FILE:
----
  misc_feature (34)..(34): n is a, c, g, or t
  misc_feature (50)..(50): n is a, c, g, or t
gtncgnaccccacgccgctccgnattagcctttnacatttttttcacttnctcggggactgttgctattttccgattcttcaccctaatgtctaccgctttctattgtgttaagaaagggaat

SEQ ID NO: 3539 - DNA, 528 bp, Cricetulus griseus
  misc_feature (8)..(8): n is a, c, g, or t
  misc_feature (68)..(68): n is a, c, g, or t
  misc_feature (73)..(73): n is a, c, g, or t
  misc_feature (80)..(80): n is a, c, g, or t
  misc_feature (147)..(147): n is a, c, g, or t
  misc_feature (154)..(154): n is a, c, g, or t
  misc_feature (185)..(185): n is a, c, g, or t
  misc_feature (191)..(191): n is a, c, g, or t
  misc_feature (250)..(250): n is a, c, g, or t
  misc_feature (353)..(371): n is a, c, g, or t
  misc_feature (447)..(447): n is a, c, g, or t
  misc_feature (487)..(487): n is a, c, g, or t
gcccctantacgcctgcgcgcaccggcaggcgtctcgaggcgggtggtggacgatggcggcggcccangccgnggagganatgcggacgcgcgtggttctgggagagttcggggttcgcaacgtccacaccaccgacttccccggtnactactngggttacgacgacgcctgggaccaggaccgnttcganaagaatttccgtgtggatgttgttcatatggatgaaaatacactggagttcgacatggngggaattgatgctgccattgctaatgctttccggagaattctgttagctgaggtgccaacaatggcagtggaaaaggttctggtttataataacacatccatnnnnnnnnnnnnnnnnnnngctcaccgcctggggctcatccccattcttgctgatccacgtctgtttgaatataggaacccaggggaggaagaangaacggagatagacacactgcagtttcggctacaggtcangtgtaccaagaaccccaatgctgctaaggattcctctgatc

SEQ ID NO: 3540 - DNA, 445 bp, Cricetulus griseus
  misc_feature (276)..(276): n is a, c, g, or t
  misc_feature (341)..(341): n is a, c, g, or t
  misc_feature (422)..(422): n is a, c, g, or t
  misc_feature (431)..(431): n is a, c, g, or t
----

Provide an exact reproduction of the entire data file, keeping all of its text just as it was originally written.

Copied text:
  misc_feature (34)..(34): n is a, c, g, or t
  misc_feature (50)..(50): n is a, c, g, or t
gtncgnaccccacgccgctccgnattagcctttnacatttttttcacttnctcggggactgttgctattttccgattcttcaccctaatgtctaccgctttctattgtgttaagaaagggaat

SEQ ID NO: 3539 - DNA, 528 bp, Cricetulus griseus
  misc_feature (8)..(8): n is a, c, g, or t
  misc_feature (68)..(68): n is a, c, g, or t
  misc_feature (73)..(73): n is a, c, g, or t
  misc_feature (80)..(80): n is a, c, g, or t
  misc_feature (147)..(147): n is a, c, g, or t
  misc_feature (154)..(154): n is a, c, g, or t
  misc_feature (185)..(185): n is a, c, g, or t
  misc_feature (191)..(191): n is a, c, g, or t
  misc_feature (250)..(250): n is a, c, g, or t
  misc_feature (353)..(371): n is a, c, g, or t
  misc_feature (447)..(447): n is a, c, g, or t
  misc_feature (487)..(487): n is a, c, g, or t
gcccctantacgcctgcgcgcaccggcaggcgtctcgaggcgggtggtggacgatggcggcggcccangccgnggagganatgcggacgcgcgtggttctgggagagttcggggttcgcaacgtccacaccaccgacttccccggtnactactngggttacgacgacgcctgggaccaggaccgnttcganaagaatttccgtgtggatgttgttcatatggatgaaaatacactggagttcgacatggngggaattgatgctgccattgctaatgctttccggagaattctgttagctgaggtgccaacaatggcagtggaaaaggttctggtttataataacacatccatnnnnnnnnnnnnnnnnnnngctcaccgcctggggctcatccccattcttgctgatccacgtctgtttgaatataggaacccaggggaggaagaangaacggagatagacacactgcagtttcggctacaggtcangtgtaccaagaaccccaatgctgctaaggattcctctgatc

SEQ ID NO: 3540 - DNA, 445 bp, Cricetulus griseus
  misc_feature (276)..(276): n is a, c, g, or t
  misc_feature (341)..(341): n is a, c, g, or t
  misc_feature (422)..(422): n is a, c, g, or t
  misc_feature (431)..(431): n is a, c, g, or t